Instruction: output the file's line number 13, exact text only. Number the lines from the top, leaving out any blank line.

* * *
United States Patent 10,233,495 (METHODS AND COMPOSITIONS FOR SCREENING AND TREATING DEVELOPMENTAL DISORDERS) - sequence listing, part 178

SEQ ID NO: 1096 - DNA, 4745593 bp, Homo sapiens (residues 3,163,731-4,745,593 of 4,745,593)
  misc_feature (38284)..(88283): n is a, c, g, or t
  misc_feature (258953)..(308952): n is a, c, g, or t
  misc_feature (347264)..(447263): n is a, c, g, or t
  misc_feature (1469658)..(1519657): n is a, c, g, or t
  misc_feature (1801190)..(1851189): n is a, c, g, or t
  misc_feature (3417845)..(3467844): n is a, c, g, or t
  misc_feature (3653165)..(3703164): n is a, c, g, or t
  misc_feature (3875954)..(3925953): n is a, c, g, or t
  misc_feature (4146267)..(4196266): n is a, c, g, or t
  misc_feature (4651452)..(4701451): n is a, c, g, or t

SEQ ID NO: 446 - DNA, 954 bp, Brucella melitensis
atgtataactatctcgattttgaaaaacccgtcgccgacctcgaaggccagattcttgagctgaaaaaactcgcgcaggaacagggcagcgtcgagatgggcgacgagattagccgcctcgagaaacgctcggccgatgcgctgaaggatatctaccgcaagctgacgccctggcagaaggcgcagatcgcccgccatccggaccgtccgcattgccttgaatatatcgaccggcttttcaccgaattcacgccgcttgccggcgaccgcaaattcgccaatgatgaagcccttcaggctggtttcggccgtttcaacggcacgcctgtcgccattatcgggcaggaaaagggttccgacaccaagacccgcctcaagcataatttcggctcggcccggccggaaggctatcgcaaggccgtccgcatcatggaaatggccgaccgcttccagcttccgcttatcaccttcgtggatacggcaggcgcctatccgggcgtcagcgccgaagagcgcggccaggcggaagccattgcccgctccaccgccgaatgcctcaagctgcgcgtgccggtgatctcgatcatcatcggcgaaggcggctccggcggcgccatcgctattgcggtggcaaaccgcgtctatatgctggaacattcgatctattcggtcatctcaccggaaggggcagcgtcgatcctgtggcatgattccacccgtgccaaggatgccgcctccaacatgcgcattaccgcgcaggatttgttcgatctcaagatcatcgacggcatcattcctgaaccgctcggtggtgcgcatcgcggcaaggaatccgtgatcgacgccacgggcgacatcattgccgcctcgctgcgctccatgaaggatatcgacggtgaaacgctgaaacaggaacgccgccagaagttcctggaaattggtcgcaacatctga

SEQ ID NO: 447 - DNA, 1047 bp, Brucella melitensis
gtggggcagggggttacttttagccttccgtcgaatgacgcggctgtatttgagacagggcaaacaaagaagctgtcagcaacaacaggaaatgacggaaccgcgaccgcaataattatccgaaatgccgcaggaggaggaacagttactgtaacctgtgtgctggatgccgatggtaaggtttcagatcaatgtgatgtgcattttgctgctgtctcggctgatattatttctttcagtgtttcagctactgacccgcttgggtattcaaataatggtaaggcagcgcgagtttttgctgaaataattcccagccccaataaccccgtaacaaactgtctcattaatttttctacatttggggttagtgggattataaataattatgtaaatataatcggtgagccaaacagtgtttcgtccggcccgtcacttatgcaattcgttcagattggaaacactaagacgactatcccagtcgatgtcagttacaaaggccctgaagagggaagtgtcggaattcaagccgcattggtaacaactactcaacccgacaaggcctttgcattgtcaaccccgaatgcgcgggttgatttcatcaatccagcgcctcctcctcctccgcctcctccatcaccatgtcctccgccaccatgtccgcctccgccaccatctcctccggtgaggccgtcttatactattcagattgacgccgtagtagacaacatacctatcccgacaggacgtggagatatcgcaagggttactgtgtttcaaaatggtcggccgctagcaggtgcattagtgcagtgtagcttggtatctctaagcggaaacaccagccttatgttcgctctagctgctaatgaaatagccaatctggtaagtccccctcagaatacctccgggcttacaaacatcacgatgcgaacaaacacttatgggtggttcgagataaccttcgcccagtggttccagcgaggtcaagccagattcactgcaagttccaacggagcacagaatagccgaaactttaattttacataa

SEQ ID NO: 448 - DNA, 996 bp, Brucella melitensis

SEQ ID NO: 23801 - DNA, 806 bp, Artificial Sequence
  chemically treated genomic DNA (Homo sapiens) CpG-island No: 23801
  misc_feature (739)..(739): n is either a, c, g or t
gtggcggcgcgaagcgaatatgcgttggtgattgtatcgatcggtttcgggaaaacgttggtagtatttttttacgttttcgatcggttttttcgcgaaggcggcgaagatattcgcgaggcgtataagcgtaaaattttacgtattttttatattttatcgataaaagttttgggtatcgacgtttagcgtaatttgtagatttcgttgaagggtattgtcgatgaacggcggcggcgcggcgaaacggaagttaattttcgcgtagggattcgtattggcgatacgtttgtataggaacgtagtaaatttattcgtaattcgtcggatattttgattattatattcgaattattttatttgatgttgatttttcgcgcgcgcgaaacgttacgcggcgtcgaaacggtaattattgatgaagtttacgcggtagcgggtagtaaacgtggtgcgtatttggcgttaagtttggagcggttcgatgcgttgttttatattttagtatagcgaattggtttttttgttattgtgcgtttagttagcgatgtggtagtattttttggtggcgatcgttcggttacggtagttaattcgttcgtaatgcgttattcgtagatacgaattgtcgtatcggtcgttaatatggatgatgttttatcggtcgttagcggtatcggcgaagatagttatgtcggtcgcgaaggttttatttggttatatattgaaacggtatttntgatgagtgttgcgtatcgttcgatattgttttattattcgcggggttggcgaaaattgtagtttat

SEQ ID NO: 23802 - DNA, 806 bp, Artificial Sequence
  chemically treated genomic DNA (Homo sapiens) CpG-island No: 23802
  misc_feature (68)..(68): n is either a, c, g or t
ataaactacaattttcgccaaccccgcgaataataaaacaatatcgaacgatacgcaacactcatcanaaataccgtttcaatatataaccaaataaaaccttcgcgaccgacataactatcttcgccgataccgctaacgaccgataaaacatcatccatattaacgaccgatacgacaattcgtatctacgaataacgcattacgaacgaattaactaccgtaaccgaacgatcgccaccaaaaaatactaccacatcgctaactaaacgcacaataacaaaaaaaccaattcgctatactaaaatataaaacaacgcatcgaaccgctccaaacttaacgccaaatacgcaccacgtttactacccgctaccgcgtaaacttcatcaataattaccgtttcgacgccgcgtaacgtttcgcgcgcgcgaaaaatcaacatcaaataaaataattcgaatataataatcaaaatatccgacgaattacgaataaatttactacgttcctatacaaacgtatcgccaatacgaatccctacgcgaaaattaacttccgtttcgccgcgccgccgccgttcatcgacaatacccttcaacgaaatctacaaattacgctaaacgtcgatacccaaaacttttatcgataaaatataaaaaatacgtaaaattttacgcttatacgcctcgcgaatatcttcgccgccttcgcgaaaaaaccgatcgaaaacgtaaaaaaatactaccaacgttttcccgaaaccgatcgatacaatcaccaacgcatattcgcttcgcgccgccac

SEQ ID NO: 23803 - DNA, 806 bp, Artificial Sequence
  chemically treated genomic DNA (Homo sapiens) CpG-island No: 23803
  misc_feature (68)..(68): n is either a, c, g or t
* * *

SEQ ID NO: 446 - DNA, 954 bp, Brucella melitensis